Chrome 24 Beta Is the Fastest Yet, Adds Better Web Intents

The latest beta is here, but don't expect too much from it

Chrome 24 has been graduated to the beta channel. If you want to keep up with the latest performance improvements and get the newest features, but avoid the instability that comes with the dev channel, then the beta is for you.

One thing that Google boasts about in the new Chrome 24 is performance. Granted, each new Chrome is faster than the other, which is why Google doesn't mention it for every release.

In the past year, Chrome has seen a 26.3 percent increase in Octane scores. Octane is Google's newest version of the V8 benchmarking suite which now includes several real-world tests as well.

Octane adds things like 2D physics simulation, using a Box2D port for JavaScript, or Mozilla's PDF.js, the JavaScript PDF reader. These are real-world apps that should be much more relevant than synthetic benchmarks.

As you can see from the chart, Octane scores didn't always improve from version to version.

It's safe to say that JavaScript performance isn't as important as it once was, though only because Chrome and most other browsers are fast enough for most web apps today.

Still, performance has been on the rise since Chrome 20 and Chrome 24 is the fastest Chrome ever. But it's not just JavaScript performance that is getting attention, which might explain the slower improvements.

Things like faster startup time and a generally more responsive browser are priorities for Google, perhaps more so now.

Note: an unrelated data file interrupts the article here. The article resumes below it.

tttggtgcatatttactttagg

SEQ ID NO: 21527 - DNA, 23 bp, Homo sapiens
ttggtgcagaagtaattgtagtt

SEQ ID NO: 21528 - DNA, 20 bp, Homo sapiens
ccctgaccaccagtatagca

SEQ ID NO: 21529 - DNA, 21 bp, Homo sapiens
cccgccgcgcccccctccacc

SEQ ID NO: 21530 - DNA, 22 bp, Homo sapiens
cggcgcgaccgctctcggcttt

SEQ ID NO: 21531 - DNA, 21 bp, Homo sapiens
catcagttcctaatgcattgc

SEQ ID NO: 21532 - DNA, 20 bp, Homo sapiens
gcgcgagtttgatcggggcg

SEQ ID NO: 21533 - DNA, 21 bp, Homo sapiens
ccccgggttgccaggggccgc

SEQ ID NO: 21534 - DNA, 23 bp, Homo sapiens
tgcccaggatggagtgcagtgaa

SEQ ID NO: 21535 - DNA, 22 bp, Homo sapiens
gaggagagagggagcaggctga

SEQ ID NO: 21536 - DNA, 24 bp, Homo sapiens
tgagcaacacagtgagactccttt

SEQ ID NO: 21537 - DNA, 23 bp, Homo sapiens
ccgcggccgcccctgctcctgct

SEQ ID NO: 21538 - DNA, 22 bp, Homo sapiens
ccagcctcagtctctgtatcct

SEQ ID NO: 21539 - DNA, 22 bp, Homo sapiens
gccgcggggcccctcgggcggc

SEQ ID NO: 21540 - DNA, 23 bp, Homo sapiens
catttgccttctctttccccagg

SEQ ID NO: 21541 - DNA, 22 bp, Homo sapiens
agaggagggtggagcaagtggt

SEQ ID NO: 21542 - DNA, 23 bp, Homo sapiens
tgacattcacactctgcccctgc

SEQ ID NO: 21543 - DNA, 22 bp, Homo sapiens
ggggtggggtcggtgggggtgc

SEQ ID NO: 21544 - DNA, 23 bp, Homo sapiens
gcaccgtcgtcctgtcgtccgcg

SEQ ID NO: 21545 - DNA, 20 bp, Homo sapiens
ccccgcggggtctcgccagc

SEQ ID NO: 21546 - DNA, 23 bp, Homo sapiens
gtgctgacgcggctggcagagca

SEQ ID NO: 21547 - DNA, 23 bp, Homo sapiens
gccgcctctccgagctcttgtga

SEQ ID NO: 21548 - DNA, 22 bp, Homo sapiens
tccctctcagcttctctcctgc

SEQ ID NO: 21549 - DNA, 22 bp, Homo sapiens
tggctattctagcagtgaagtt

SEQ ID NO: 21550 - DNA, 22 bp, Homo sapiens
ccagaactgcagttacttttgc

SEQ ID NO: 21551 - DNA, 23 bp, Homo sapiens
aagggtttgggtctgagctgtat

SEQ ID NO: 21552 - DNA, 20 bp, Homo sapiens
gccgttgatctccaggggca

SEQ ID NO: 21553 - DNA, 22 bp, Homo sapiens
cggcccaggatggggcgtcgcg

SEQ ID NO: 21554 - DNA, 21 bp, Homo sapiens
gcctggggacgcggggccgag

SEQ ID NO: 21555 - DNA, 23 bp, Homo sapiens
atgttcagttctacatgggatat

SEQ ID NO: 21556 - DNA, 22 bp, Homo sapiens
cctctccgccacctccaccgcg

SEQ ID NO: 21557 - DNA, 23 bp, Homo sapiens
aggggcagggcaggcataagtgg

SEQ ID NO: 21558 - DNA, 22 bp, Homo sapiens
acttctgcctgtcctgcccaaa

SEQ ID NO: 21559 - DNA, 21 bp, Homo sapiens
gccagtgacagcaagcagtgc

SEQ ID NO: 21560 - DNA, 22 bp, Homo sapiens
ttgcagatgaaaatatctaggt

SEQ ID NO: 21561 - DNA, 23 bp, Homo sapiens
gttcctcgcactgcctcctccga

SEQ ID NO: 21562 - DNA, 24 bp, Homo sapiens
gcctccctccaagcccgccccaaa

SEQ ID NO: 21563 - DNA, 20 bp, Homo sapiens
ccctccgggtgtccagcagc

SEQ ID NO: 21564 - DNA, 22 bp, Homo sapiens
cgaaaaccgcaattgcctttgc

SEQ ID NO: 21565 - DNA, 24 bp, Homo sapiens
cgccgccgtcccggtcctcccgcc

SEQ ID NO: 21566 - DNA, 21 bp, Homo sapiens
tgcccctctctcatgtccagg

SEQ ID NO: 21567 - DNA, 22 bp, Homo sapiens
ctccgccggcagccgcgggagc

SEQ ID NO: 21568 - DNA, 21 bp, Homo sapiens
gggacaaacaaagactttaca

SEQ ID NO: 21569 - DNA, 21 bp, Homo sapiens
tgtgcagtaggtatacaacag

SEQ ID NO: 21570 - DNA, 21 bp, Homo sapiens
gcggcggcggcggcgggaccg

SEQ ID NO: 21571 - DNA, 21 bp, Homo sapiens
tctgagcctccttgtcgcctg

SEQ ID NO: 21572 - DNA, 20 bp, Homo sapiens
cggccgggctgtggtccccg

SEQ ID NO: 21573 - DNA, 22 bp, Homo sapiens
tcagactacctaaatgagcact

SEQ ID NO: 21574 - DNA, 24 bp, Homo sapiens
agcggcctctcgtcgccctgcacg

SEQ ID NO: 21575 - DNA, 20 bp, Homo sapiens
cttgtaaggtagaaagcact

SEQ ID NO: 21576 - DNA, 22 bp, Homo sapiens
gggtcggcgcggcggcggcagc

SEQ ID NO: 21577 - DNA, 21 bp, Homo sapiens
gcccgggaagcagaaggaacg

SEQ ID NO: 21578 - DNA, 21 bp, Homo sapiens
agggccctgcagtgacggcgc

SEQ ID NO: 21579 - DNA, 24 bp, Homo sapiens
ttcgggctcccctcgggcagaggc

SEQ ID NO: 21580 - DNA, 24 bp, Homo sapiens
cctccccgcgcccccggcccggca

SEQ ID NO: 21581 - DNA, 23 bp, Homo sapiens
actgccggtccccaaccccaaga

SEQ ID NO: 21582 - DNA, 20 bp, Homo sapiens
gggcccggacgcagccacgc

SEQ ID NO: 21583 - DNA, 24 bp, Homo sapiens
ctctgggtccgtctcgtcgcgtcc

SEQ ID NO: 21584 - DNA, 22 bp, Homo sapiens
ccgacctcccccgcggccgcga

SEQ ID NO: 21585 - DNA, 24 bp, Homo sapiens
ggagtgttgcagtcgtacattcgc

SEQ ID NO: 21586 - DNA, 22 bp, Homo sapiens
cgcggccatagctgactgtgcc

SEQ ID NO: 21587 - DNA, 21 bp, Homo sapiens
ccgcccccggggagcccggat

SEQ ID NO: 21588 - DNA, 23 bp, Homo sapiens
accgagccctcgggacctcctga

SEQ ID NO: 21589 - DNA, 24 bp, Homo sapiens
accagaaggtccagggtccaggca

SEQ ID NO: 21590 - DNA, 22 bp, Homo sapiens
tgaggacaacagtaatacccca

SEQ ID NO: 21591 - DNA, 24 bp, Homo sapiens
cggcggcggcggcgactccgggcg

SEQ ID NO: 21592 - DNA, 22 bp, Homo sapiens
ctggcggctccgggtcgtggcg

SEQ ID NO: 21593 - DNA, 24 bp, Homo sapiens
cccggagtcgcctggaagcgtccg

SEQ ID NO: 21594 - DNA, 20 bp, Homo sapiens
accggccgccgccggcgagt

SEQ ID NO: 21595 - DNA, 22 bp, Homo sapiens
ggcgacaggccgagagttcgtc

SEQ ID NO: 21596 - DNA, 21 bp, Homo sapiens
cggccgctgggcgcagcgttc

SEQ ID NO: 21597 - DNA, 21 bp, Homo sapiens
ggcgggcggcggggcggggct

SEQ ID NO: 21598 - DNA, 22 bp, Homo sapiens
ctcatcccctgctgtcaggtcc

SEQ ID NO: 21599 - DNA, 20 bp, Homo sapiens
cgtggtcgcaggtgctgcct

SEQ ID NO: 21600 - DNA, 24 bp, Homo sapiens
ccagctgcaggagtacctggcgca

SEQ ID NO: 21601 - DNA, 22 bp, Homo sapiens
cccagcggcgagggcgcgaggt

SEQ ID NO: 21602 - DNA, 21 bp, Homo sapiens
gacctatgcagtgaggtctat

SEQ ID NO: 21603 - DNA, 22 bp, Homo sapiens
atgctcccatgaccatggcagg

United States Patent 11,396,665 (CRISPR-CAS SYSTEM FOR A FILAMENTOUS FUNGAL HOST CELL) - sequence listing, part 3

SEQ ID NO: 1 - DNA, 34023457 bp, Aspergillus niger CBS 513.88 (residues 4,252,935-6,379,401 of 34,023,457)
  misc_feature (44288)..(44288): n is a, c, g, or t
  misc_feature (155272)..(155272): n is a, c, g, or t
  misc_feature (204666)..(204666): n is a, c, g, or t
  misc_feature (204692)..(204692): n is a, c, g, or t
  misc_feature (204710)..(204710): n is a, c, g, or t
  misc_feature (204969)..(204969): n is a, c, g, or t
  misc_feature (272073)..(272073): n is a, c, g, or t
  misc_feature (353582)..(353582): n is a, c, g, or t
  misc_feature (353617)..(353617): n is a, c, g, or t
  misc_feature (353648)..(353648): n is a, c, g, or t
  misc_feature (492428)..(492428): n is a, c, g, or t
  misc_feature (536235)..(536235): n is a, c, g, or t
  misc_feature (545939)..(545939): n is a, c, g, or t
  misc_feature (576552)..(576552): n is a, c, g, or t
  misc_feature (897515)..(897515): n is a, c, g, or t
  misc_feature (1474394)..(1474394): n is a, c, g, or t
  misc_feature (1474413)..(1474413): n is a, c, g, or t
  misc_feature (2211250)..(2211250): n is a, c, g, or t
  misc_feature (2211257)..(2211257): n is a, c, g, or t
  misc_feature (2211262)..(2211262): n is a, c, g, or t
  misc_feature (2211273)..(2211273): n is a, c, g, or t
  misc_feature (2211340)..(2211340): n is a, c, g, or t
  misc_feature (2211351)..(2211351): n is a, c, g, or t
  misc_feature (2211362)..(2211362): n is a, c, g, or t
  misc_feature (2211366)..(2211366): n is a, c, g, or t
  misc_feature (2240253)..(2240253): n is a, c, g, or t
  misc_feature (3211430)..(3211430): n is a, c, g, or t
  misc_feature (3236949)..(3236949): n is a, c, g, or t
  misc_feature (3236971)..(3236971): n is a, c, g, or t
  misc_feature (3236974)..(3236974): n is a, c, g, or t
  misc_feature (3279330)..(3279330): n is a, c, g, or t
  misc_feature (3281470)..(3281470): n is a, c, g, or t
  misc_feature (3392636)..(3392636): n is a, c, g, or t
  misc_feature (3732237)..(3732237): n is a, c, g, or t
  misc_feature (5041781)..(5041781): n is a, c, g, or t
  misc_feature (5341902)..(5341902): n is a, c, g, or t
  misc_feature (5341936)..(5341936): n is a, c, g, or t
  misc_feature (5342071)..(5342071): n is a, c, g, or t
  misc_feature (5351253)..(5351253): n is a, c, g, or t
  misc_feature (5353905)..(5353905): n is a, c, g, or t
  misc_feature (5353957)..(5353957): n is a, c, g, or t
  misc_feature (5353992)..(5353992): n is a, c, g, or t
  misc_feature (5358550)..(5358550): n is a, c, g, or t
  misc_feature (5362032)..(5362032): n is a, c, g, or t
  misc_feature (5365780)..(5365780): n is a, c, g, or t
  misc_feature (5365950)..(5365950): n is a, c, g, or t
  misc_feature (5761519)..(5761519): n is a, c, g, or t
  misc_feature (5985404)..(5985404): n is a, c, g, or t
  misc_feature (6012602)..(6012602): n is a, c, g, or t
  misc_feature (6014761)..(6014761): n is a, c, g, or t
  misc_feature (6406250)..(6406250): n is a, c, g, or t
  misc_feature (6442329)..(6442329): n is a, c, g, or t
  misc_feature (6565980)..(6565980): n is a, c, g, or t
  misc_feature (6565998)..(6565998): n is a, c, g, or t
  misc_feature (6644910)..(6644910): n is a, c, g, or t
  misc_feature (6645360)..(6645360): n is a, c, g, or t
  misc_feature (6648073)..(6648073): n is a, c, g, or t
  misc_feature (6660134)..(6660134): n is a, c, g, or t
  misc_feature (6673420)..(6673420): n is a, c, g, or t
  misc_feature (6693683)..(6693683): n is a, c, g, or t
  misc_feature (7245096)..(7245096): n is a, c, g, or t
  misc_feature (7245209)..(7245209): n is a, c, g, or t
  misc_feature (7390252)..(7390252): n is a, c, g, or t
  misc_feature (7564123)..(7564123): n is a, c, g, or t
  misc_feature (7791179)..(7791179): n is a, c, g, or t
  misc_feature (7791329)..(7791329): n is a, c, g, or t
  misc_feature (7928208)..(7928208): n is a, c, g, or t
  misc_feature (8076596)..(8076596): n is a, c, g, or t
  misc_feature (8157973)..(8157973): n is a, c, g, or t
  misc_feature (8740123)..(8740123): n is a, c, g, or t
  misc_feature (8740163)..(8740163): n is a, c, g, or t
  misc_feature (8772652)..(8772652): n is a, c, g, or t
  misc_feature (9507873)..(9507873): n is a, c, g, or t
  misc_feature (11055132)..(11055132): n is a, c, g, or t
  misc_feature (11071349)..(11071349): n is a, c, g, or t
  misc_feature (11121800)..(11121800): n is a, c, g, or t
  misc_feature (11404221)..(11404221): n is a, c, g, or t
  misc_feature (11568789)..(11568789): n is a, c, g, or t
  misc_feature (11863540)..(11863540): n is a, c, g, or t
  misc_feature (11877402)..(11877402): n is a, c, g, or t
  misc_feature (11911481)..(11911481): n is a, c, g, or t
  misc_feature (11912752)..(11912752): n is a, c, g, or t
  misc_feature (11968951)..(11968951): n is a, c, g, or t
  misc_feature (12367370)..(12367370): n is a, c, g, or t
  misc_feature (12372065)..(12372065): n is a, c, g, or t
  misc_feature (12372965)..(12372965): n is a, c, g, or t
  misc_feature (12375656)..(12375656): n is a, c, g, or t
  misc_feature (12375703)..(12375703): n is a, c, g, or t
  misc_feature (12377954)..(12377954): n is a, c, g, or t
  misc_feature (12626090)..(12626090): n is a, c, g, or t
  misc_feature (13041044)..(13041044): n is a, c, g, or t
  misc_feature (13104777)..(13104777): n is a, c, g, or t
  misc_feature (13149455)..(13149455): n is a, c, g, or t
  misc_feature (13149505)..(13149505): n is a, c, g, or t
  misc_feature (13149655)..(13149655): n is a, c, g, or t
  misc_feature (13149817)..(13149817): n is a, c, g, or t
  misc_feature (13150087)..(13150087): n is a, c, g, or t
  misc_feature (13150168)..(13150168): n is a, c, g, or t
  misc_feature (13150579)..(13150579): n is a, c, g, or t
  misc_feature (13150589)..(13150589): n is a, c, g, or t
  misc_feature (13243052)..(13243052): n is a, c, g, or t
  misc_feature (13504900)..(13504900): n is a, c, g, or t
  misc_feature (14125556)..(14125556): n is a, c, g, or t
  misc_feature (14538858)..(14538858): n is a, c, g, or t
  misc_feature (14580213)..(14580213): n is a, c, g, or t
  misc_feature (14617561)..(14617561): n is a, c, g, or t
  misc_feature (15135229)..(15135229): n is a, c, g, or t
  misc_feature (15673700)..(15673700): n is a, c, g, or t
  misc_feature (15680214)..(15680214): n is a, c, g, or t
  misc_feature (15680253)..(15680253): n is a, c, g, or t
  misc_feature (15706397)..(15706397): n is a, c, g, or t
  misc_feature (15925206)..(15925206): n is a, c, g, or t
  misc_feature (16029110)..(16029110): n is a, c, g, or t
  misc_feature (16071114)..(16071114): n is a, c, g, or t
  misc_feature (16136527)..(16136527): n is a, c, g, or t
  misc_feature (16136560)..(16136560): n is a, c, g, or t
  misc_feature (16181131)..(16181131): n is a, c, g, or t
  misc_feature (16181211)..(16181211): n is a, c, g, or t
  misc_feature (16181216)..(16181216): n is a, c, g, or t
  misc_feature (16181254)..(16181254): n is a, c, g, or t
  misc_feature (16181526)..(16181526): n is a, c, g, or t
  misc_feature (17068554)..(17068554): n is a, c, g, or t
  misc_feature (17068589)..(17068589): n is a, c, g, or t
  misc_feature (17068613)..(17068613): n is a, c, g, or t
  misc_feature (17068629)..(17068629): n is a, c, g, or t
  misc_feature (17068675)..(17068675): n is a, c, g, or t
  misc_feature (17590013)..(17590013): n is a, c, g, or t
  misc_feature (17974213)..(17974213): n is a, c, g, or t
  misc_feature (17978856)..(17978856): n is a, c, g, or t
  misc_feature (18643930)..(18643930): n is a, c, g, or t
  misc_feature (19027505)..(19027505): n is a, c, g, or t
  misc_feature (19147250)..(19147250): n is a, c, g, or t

"For example, we recently made some server-side changes to Google Cloud Print so that Chrome’s printer selection dialog loads twice as fast," Google explains.

"We’ve also been working on reducing the browser’s startup time, and setting up automated tests to catch any code changes that would slow Chrome down," it adds.

Of course, simply being faster is not all that Chrome 24 brings. Among the more subtle changes are shorter internal URLs, for example, chrome://chrome/settings becomes chrome://settings.

A new share menu was introduced early in Chrome 24 development, but it has been dropped for now. It replaced the bookmark star button with a menu that enabled users to either bookmark a page or share it on any site they wanted via web intents.

Speaking of web intents, that's another big addition in Chrome. The feature has been around for ages but is still getting updated and polished. For example, web intents can now work for any website out there, not just the few extensions available in the Web Store. This feature is not enabled by default though.

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